For the last few weeks I have been exploring Portugal with my boyfriend Simon. We arrived in Lisbon from Porto, after a very sickly train ride on one of those high speed ones that tilts and churns your stomach. The fresh air was lovely when we disembarked. After getting our bearings, we found our way to the fabulous Oasis Backpackers Hostel. The highlight of our trip was our Sintra day trip from Lisbon, and I’d love to share this with you today.
Oasis Backpackers Hostel Lisbon
Oasis Backpackers Hostel was a wonderful place to stay with a retro friendly atmosphere. We met some great people whilst having a beer over a BBQ. What came highly recommended from the other travellers was a trip out to Sintra with the hostel guide.
Sintra Day Trip from Lisbon
Sintra can easily be done as a day trip from Lisbon, and is something absolutely not to be missed. It’s home to the world famous hotch-potch of colourful architecture that is Pena Palace.
Jeronimos Monastery and Pasteis de Belem!
We left Lisbon by minibus, with an enthusiastic tour guide who was passionate about history combined with delicious Portuguese delicacies – what a perfect combination! We stopped off at the stunning Jeronimos monastery, a former monastery of the Order of Saint Jerome in Belém. It’s a UNESCO World Heritage site where the Monks used to assist Seafarers as ships entered the sea from the River Tagus.
Near the Monastery we tried the Pasteis de Belem, Portuguese pastries sweet and delicious, pastry so good it almost melted in your mouth! These are a local secret recipe – don’t leave Lisbon without trying pasteis de Belem!
Sintra National Palace
We then travelled around half an hour by mini bus towards Belem. On arrival in Sintra, we stopped off at Sintra National Palace (not to be confused with Pena Palace) to catch a few photos.
Sintra Day Trip from Lisbon – Pena Palace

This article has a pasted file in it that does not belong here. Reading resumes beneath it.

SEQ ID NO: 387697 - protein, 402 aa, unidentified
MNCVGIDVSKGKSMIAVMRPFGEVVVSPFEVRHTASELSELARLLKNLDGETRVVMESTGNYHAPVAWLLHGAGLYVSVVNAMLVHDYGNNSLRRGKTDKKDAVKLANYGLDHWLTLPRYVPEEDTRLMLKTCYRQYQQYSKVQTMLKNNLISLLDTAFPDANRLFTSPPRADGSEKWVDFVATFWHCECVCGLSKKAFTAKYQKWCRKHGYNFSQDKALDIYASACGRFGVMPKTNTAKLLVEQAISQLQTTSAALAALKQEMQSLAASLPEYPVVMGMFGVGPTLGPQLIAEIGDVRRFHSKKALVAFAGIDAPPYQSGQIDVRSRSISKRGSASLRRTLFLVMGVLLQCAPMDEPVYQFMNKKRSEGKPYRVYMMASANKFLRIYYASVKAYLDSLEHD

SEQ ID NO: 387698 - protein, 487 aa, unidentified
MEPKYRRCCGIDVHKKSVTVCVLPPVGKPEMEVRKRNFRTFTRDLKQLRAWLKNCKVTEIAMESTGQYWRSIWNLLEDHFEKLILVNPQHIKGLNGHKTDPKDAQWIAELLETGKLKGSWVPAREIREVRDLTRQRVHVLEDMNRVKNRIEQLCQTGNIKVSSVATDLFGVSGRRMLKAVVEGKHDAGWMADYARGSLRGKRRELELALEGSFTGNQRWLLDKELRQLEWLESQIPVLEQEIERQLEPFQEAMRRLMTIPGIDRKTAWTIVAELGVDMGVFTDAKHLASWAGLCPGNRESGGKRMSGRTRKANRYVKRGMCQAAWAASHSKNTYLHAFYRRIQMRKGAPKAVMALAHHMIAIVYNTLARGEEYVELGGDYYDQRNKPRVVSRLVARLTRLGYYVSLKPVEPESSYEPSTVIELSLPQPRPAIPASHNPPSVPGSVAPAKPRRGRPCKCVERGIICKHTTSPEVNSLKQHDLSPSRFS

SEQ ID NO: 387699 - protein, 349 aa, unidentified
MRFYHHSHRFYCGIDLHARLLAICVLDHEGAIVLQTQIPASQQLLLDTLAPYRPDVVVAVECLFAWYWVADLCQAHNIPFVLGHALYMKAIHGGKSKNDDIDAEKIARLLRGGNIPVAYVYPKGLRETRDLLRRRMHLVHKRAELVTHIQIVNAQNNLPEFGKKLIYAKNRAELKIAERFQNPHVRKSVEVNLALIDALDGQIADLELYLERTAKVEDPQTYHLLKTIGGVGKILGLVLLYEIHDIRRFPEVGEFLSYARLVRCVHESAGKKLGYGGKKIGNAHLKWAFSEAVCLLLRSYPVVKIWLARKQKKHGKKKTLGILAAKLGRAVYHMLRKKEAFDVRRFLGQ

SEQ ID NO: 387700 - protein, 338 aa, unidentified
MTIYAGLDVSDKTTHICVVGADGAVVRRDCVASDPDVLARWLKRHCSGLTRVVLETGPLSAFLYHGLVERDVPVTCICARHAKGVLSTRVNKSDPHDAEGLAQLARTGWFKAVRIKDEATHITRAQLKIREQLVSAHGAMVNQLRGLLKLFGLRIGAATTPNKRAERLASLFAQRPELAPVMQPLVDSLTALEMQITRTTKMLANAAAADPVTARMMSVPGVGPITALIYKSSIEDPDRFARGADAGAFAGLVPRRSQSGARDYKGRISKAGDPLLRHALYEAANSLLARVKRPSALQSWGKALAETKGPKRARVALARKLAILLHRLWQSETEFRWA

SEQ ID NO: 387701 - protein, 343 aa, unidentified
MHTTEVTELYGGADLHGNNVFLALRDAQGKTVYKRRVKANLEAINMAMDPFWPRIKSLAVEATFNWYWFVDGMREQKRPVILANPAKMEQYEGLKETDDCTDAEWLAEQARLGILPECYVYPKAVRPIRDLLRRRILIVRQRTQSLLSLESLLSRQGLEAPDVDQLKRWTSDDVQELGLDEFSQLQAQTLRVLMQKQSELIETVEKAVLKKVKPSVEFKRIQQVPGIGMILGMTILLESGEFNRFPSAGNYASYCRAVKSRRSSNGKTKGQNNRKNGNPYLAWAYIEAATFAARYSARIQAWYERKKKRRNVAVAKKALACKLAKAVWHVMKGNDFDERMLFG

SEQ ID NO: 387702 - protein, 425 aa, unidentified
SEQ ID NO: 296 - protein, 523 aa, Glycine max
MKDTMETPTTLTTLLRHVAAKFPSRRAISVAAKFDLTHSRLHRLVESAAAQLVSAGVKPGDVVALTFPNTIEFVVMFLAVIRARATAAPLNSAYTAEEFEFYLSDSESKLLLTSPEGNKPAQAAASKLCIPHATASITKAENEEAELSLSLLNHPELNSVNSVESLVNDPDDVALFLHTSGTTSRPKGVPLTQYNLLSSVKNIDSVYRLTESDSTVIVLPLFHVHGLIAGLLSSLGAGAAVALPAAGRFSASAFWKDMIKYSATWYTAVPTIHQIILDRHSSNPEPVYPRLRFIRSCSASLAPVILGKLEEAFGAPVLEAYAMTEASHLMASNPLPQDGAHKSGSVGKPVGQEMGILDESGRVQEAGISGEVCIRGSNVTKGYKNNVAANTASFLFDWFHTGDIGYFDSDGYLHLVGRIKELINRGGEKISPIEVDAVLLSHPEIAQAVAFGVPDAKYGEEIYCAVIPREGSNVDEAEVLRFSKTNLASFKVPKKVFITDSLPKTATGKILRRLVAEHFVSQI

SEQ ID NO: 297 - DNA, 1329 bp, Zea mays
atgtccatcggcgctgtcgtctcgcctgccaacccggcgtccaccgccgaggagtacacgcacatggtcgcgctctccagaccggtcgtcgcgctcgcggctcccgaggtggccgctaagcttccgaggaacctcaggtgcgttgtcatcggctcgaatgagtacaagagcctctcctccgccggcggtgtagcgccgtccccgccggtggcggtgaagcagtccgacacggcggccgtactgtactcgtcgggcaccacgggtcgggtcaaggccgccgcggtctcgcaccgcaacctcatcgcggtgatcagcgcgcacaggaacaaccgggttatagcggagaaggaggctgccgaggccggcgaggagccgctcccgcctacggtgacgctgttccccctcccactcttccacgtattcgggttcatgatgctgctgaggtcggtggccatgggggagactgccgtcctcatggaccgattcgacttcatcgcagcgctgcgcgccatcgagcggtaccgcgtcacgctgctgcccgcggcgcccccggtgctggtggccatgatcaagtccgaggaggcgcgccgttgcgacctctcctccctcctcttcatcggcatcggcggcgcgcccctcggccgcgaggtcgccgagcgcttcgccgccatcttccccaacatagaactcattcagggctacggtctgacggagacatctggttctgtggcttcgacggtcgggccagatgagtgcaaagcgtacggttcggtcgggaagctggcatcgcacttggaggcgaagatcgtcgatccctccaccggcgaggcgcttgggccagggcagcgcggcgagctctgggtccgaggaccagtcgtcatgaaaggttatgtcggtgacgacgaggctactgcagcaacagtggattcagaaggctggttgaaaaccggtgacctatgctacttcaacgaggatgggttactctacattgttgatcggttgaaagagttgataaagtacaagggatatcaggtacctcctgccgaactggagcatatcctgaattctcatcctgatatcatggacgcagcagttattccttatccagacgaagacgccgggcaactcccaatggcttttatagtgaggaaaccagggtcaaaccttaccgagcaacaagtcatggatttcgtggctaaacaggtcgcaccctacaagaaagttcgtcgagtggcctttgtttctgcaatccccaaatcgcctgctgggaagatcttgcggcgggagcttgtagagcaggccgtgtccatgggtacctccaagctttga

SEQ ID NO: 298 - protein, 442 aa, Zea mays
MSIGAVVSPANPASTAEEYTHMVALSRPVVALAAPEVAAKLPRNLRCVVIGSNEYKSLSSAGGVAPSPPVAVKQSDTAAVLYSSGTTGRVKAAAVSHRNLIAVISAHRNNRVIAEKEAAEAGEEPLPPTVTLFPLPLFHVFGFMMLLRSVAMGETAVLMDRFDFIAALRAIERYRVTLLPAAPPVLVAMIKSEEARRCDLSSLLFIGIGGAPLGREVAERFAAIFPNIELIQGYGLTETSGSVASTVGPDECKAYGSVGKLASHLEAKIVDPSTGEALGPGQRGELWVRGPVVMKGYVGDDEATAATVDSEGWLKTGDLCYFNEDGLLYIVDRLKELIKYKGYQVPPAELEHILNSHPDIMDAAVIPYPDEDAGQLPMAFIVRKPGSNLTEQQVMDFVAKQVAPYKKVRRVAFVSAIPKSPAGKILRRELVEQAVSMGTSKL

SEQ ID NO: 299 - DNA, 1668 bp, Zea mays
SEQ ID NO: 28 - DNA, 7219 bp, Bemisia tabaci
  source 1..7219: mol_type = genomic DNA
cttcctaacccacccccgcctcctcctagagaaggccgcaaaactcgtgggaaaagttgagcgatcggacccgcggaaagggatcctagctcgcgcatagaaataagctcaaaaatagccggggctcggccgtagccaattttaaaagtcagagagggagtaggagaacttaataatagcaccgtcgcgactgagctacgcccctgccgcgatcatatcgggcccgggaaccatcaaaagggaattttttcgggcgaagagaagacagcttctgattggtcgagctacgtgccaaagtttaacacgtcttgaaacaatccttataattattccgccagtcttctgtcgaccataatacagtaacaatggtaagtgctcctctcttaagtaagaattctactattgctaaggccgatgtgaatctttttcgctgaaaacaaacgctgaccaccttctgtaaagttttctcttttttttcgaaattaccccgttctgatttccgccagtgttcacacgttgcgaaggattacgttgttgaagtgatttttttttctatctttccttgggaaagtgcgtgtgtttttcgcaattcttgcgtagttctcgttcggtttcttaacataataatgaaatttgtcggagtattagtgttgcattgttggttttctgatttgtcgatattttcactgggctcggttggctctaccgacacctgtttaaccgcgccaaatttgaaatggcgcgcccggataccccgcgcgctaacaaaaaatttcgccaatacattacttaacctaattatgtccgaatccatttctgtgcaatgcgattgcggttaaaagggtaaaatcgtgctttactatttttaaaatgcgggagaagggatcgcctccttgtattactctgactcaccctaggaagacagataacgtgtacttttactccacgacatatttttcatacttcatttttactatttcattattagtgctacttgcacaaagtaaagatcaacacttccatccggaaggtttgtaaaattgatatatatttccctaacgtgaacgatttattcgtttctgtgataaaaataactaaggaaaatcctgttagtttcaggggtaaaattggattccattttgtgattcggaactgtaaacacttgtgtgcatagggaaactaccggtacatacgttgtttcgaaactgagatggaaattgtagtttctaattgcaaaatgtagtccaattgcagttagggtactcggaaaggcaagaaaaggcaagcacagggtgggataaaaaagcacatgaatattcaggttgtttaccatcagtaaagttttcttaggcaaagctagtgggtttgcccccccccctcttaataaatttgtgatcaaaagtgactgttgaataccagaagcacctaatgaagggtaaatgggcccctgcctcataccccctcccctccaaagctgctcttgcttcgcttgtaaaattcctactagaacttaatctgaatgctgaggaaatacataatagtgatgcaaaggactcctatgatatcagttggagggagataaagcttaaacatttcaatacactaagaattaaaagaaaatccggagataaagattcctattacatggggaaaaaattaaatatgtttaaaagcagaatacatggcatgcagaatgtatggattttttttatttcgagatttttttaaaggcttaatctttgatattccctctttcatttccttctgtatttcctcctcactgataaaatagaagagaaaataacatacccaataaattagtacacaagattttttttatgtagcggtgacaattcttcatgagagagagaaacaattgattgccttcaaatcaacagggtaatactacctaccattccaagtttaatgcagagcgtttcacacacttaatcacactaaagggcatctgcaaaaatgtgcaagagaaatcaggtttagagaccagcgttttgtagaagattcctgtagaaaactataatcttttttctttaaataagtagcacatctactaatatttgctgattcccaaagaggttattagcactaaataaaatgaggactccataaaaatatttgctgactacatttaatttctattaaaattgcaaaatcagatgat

It was a short walk up hill to get to the spot of Pena Palace, and we were, of course, greeted by bakers with more pastries along the way! You won’t go hungry on this trip, that’s for sure!
The first site of Pena Palace is stunning. I was mesmerized by the mis-match of Neo-Gothic, Islamic and Renaissance style strewn in bright colours. It was intentional by architect Wilhelm Ludwig von Eschwege, of course.
The Castle or Palace was built on the site that originally started out in the Middle ages as a chapel to ‘Our Lady of Pena’, who had a vision of Mary. In 1493, it was visited by King John II, whose successor (King Manuel 1) ordered a monastery to built on the site. The Monastery was struck by lightening and seriously damaged in the 18th Century, and a further earthquake brought the monastery to ruin.
In 1838, King Ferdinand II bought the ruined site and surrounding lands, instructing the building of a summer residence for the Royal family, which is what we see before us today. The Park and Palace of Pena are therefore often described as the fruit of King Ferdinand II’s creative genius and the greatest expression of 19th-century romanticism in Portugal (https://www.parquesdesintra.pt).
The entrance is embellished with blue decorative mosaic tiles and two twisted stone pillars at the main gate. To the left of the above image, you can see the yellow tower. The yellow tower (shown in more detail below) shows clear Moorish influence due to the dome like structure echoing many Mosques.
Below, you can see the beautiful Arches Yard, Chapel and Clock Tower, which contains elements of the old remaining Hieronymite (Order of Saint Jerome) convent and cloister.
It’s a beautiful walk around the palace with fantastic views from some of the towers and viewpoints. There are also stunning gardens in the National Park surrounding Pena, that deserve at leat an hour of exploring if you can spare the time.
Our trip ended on a high with a fabulous ice cream at a local Portuguese ice cream shop and then a lovely stroll on a nearby beach.